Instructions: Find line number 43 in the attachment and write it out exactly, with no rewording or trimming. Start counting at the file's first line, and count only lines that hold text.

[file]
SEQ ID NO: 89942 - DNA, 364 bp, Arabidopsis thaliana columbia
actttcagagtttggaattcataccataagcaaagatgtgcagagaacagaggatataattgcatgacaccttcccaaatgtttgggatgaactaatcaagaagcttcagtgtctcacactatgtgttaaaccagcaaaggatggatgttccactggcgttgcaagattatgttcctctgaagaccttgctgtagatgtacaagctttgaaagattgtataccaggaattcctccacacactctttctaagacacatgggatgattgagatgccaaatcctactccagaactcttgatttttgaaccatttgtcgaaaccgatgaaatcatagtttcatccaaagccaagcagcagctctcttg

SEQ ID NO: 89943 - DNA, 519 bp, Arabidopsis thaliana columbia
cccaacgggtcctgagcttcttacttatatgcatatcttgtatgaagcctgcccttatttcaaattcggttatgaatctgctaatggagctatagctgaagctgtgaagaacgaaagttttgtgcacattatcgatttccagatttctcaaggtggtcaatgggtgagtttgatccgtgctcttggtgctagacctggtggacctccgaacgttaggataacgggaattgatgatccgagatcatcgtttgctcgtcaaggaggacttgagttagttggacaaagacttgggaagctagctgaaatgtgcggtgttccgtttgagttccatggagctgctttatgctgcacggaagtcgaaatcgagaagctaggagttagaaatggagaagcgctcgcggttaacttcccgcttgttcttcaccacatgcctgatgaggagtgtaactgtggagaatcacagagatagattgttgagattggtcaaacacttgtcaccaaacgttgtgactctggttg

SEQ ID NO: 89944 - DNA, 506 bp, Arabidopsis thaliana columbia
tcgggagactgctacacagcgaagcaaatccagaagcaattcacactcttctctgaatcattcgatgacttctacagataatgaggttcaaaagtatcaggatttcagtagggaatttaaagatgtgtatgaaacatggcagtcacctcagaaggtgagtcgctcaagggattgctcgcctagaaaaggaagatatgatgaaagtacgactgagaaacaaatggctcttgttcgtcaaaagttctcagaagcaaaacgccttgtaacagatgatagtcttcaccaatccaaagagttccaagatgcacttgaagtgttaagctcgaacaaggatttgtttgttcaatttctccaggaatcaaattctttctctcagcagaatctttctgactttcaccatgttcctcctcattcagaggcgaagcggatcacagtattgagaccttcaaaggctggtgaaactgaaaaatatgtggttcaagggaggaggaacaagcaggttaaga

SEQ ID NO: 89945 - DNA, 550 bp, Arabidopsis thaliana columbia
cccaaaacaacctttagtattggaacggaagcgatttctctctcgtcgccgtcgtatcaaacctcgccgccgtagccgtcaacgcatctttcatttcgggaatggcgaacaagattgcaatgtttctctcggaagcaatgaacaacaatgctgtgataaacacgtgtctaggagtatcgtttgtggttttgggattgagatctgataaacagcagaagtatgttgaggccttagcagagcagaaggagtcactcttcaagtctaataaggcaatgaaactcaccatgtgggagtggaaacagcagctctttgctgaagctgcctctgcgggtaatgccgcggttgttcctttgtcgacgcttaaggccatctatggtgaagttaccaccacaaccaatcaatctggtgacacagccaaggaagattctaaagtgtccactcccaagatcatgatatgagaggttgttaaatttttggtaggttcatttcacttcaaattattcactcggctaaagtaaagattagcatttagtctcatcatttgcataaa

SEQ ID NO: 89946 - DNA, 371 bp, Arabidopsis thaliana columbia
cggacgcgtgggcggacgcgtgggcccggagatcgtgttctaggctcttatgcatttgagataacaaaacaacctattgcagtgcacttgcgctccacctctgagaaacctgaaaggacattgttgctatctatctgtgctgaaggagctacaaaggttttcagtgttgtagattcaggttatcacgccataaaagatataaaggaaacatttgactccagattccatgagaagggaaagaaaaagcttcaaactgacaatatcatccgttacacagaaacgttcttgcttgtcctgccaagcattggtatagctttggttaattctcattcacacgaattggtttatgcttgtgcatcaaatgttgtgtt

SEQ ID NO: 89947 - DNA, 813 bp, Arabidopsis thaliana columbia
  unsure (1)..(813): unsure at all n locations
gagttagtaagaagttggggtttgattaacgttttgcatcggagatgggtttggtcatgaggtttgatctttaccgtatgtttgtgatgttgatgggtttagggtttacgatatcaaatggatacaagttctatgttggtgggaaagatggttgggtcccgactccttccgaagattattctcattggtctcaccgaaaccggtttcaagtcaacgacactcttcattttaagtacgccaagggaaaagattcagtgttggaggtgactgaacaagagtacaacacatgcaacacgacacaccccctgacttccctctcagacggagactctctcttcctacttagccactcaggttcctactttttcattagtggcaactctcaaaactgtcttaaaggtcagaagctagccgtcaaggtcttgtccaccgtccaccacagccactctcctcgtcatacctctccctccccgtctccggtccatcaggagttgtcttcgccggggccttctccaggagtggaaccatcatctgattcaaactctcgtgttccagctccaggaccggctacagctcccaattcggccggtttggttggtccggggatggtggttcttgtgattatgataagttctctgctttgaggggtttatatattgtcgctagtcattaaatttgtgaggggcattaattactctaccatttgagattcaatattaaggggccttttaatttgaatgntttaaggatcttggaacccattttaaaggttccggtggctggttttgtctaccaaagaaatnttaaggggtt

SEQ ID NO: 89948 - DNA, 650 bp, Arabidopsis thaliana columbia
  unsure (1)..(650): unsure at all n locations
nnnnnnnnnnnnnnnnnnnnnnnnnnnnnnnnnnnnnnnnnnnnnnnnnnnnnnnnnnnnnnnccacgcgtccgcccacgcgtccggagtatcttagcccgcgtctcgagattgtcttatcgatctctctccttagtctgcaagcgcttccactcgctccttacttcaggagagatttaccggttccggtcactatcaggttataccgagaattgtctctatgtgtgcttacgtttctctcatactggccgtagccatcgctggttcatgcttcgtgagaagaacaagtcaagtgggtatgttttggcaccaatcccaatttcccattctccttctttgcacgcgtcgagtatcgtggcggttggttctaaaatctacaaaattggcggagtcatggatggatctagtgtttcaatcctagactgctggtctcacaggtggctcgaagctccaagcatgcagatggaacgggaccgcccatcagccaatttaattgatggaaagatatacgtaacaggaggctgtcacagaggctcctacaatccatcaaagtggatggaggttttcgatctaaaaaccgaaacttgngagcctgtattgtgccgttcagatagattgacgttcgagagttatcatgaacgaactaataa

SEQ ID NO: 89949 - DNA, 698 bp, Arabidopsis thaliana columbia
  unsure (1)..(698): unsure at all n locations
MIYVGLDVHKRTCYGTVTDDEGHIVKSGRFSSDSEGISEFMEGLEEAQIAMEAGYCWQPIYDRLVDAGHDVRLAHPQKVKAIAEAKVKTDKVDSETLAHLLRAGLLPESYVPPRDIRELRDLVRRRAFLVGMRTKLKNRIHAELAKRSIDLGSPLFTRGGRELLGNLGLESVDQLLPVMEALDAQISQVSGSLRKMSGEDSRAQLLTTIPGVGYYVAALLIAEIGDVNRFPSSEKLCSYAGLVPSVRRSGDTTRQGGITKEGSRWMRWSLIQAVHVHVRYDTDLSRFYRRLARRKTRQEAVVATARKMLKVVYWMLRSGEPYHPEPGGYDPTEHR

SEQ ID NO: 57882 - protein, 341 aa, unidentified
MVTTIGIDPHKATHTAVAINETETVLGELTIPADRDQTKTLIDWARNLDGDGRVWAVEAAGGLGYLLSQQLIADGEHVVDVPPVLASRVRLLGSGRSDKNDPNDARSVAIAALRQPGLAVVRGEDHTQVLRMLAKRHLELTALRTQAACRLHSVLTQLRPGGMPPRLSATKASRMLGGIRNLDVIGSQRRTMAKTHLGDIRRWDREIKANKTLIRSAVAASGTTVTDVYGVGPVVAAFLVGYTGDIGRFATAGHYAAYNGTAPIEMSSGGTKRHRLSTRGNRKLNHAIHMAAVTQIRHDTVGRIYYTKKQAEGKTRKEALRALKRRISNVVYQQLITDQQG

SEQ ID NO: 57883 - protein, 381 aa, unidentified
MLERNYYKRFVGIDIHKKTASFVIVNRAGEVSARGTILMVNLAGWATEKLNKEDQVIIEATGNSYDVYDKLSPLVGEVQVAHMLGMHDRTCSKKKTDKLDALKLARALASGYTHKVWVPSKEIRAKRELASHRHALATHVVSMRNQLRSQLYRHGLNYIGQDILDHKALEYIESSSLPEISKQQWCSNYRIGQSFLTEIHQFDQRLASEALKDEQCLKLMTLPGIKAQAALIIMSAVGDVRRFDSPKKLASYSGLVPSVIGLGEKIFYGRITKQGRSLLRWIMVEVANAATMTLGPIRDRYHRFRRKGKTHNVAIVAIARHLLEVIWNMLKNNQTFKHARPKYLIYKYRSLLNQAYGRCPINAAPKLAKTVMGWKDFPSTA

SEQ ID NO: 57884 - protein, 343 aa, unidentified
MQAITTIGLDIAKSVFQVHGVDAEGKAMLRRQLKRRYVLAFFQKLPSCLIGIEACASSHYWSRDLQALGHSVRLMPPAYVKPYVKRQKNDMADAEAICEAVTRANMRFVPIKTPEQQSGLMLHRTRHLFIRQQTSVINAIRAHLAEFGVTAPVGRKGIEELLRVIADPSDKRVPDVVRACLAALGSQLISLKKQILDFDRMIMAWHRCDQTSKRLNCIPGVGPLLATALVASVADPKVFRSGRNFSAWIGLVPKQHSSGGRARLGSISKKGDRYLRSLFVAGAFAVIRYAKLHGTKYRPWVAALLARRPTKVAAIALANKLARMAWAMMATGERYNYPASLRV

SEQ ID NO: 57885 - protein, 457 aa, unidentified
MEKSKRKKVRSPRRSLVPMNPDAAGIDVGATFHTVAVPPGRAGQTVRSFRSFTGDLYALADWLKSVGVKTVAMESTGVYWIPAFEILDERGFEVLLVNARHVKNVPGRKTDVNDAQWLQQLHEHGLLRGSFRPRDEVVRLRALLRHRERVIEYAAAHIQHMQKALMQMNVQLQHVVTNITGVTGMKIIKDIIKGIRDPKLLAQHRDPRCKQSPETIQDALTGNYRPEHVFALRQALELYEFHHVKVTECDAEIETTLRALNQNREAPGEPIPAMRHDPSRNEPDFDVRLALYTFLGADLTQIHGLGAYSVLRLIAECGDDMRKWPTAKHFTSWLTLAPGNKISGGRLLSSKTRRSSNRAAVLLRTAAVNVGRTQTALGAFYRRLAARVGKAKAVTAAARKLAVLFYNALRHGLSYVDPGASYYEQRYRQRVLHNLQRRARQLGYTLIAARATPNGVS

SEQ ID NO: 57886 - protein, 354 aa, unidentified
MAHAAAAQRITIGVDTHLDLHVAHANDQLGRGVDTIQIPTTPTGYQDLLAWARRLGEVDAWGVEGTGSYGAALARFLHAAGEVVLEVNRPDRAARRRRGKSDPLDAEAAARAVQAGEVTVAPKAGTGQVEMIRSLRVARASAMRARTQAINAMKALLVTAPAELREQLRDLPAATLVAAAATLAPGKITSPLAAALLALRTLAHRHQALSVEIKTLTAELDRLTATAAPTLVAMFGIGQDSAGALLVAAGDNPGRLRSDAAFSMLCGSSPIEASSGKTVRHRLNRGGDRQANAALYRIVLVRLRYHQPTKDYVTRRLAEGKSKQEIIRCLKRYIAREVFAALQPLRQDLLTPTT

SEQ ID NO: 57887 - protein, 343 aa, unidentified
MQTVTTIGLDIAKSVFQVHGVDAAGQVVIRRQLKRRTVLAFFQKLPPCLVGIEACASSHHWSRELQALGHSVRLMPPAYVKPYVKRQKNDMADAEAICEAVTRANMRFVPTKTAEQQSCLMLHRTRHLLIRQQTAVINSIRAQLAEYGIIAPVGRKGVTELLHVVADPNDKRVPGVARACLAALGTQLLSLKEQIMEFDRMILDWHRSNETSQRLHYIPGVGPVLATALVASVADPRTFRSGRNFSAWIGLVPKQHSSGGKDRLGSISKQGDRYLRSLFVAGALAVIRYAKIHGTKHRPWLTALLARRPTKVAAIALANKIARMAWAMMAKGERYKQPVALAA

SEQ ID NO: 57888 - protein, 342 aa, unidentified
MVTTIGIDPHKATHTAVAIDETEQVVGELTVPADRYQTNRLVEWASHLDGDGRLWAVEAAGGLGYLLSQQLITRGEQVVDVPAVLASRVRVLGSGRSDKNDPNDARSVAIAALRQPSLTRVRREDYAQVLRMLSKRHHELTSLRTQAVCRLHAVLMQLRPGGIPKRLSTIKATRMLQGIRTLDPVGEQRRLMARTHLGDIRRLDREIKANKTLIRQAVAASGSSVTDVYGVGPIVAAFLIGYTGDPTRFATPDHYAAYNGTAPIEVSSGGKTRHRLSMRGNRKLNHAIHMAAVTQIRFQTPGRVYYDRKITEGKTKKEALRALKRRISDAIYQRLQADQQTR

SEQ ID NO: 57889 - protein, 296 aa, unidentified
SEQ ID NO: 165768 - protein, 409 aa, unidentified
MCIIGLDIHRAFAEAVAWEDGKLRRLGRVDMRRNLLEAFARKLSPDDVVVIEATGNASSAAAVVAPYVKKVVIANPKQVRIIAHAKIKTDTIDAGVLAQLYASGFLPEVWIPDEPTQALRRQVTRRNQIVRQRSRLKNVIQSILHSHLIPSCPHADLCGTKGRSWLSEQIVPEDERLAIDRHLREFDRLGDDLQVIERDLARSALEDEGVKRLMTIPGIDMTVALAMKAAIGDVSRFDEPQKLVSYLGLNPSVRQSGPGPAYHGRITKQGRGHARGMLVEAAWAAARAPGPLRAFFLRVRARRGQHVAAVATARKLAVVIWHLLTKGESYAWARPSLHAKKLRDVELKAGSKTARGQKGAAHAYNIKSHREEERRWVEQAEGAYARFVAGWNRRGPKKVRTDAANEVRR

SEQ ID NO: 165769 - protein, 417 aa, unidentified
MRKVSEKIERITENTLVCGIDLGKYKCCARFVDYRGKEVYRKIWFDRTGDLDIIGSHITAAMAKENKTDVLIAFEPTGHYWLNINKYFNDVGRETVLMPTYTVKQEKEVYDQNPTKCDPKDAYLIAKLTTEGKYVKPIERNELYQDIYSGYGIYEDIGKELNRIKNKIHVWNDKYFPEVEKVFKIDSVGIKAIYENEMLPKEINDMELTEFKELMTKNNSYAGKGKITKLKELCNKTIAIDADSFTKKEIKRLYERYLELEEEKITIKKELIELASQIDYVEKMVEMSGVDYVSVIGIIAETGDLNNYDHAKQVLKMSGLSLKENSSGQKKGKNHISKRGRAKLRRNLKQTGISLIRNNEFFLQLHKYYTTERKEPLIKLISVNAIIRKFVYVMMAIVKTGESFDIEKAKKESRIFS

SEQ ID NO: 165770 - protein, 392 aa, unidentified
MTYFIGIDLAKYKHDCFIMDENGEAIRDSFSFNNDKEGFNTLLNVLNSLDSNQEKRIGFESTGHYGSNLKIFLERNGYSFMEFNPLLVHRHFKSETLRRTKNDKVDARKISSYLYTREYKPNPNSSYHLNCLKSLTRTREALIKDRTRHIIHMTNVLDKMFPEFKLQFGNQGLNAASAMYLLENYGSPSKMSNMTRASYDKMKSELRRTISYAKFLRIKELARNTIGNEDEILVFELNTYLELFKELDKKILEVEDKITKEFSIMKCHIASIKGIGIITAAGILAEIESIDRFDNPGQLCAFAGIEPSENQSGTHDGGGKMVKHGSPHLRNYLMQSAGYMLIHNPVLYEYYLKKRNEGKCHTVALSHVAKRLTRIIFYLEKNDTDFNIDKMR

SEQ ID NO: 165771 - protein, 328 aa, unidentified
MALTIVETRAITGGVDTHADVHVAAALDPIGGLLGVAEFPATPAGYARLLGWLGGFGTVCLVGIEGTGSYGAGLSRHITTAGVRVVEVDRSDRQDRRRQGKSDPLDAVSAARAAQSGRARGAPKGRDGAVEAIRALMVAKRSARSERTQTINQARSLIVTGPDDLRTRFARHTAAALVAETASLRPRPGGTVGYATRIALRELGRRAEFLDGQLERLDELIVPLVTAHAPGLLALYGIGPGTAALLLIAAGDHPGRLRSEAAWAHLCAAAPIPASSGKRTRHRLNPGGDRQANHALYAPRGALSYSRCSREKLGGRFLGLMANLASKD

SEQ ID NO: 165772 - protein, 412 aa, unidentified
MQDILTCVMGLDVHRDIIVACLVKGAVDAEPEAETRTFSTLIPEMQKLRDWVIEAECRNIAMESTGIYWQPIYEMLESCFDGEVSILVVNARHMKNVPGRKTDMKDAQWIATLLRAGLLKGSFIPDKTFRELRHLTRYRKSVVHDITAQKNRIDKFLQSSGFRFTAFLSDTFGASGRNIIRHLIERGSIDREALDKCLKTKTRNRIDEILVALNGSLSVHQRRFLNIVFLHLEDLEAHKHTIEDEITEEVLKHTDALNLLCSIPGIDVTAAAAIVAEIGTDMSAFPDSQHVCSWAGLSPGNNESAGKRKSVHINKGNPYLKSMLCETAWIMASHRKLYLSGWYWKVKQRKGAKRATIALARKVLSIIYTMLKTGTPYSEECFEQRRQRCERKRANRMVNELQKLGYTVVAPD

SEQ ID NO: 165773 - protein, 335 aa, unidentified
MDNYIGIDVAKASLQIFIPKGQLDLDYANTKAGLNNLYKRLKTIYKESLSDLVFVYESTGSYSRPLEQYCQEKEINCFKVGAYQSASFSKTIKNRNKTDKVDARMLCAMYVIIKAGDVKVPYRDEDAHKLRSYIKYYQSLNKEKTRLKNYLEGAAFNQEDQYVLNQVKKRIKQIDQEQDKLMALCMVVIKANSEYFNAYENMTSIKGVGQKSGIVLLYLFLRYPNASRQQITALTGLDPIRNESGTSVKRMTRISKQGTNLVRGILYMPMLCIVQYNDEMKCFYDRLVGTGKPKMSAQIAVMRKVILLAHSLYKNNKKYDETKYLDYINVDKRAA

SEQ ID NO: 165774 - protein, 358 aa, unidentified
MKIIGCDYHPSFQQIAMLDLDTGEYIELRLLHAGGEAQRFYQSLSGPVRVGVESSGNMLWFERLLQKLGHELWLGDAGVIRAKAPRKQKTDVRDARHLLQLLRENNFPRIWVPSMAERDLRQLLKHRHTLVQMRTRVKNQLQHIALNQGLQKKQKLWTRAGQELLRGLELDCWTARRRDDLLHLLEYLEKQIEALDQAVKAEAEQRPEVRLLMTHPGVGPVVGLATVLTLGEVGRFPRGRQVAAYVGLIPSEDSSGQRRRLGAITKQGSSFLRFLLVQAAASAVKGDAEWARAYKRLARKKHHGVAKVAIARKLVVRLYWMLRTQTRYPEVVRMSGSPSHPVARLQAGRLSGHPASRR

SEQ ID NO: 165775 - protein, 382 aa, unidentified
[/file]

SEQ ID NO: 165772 - protein, 412 aa, unidentified